Brussels, 6 April 2021
EaP CSF Policy paper: Impact of COVID-19 on Labour Migration from the EaP countries to the EU
The COVID-19 pandemic has drastically impacted the international migration. When the pandemic hit, many migrant workers from the Eastern Partnership (EaP) region were stranded in foreign countries without work and unable to support their families back home. This policy paper provides a thorough analysis of how the current health crisis affected the migration flows and what are the policy responses of the EaP governments and EU member states.
The COVID-19 pandemic caused the return of approximately one-third of migrants coming from the EaP region. Before the crisis, increasing outflows were registered in the region, being affected by human capital depletion. Roughly 16% of the EaP population lives abroad, where Armenia (33%) and Moldova (28%) have the region’s largest emigrant populations. The policy paper affirms that the COVID-19 pandemic has exacerbated the pre-existing vulnerabilities of the region’s economies and labour markets. Dependent on remittances, many affected households faced exposure to poverty, with returning workers having difficulties finding new jobs.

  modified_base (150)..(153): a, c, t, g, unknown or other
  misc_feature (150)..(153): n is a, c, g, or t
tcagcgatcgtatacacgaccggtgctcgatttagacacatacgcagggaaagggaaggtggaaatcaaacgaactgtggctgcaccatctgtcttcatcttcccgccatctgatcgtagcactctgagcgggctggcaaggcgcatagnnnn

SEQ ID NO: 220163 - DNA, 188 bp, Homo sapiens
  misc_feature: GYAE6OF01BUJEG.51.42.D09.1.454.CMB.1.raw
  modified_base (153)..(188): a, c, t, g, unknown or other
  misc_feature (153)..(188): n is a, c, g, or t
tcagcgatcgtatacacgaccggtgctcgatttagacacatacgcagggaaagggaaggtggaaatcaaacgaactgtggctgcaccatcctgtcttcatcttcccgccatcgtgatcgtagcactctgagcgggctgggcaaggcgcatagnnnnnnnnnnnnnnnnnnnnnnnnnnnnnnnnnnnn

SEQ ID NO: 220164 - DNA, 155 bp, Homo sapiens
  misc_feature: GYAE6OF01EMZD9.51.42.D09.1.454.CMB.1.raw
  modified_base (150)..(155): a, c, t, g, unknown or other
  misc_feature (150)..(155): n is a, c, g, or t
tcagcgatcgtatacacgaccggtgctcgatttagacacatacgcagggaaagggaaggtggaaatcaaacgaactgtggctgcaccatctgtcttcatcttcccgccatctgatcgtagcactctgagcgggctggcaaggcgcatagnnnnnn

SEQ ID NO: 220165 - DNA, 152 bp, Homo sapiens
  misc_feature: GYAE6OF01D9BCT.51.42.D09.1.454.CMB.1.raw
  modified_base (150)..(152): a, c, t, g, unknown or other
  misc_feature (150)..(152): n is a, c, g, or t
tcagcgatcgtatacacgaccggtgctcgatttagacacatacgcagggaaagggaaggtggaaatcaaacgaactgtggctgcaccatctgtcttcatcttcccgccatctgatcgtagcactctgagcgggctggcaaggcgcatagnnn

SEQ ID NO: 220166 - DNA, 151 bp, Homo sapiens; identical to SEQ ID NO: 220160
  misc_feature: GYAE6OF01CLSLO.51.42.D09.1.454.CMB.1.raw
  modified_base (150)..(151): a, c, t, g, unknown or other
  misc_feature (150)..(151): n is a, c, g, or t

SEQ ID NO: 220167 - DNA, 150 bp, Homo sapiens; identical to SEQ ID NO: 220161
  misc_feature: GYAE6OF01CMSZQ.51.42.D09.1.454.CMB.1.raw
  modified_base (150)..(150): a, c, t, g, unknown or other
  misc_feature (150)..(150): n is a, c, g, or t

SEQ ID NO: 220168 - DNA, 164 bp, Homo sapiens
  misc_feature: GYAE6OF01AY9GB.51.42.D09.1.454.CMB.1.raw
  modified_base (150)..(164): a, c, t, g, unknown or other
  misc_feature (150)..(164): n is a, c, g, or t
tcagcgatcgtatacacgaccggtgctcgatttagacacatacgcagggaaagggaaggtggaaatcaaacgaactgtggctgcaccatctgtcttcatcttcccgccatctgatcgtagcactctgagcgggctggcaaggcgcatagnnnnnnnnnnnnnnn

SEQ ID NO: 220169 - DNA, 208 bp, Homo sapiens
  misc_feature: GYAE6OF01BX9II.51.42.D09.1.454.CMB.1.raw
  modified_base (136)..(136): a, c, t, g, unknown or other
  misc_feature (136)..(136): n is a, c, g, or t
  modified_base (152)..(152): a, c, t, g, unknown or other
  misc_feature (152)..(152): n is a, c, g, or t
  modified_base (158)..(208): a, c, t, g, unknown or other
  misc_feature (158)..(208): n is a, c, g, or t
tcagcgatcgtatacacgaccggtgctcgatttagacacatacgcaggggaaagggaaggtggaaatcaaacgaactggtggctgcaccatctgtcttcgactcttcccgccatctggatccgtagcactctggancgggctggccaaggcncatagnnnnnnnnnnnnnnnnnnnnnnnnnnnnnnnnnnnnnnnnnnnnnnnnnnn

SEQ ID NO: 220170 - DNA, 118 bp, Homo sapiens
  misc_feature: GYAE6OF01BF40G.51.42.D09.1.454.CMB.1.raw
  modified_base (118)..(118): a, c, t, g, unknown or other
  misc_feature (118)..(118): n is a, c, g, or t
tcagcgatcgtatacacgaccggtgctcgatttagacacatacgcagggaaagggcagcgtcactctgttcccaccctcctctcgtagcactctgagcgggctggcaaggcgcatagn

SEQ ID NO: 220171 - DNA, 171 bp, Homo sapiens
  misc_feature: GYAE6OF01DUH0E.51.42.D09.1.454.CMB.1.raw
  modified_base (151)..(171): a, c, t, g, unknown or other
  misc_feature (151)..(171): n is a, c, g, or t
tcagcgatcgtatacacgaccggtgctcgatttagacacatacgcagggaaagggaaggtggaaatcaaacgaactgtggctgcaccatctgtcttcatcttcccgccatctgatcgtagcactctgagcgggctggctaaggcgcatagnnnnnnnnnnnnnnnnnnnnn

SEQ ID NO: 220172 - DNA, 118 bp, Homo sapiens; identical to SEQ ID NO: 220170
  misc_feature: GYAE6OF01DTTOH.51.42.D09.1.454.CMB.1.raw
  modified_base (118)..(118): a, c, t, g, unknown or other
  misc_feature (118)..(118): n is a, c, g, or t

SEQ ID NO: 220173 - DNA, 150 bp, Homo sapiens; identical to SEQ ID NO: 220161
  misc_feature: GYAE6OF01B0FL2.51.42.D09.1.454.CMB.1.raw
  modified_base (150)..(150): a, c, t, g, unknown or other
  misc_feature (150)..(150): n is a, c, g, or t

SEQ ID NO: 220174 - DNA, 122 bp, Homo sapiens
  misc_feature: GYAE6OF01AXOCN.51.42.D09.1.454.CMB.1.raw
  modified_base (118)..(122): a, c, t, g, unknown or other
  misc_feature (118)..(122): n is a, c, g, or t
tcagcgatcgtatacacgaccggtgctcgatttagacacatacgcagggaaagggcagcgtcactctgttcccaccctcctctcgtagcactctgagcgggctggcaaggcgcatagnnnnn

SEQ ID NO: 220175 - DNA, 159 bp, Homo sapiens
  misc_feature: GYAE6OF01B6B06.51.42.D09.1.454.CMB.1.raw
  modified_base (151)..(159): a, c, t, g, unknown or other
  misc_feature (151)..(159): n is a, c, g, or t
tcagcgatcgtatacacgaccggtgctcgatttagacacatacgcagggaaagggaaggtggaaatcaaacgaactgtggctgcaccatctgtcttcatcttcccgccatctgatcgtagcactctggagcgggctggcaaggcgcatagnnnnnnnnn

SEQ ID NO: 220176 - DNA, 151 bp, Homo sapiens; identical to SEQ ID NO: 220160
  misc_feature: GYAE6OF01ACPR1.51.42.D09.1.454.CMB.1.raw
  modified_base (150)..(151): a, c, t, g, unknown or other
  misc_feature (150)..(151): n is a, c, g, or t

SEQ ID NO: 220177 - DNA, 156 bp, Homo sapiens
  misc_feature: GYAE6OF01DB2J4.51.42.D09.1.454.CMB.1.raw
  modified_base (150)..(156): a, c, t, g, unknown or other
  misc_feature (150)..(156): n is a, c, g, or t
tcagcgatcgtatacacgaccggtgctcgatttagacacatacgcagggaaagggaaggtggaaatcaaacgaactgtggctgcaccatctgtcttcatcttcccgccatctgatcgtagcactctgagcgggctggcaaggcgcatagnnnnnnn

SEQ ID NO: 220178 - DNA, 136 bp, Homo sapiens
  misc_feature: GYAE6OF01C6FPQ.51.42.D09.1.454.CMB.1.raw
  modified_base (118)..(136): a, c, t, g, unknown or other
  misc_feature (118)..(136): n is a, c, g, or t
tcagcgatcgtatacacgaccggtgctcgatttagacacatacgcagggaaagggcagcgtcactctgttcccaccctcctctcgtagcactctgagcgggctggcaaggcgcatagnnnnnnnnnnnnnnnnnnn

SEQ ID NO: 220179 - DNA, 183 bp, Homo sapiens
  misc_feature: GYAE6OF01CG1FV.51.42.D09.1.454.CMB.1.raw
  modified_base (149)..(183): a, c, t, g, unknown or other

Moreover, the EaP governments were rather slow in their policy response to the integration of returning working migrants. Despite some measures having been taken, central and local governments still lack targeted comprehensive policies for returning migrants. Hence, the paper recommends the EaP governments to elaborate and ensure the implementation of a coherent and coordinated policy on migration to EU countries. Moreover, EaP governments should develop professional programmes for returning migrants in industries with potential labour force shortages.
The policy paper highlights that COVID-19 revealed significant dependence on EaP migrant workers within essential sectors of the economy in the EU member states. The migration flows will never be quite the same again following the COVID-19 pandemic but it is not likely the years of ‘brain drain’ from the EaP countries will be reversed. In the case of the EaP, some migrants that have not returned to the host country would be ready to emigrate to another EU country post-COVID. Thus, EaP governments should enhance circular migration programmes to safeguard the premises of ‘decent work’, to maximise the benefits of well-organised seasonal migration, and to protect migrants from exploitation in foreign labour markets.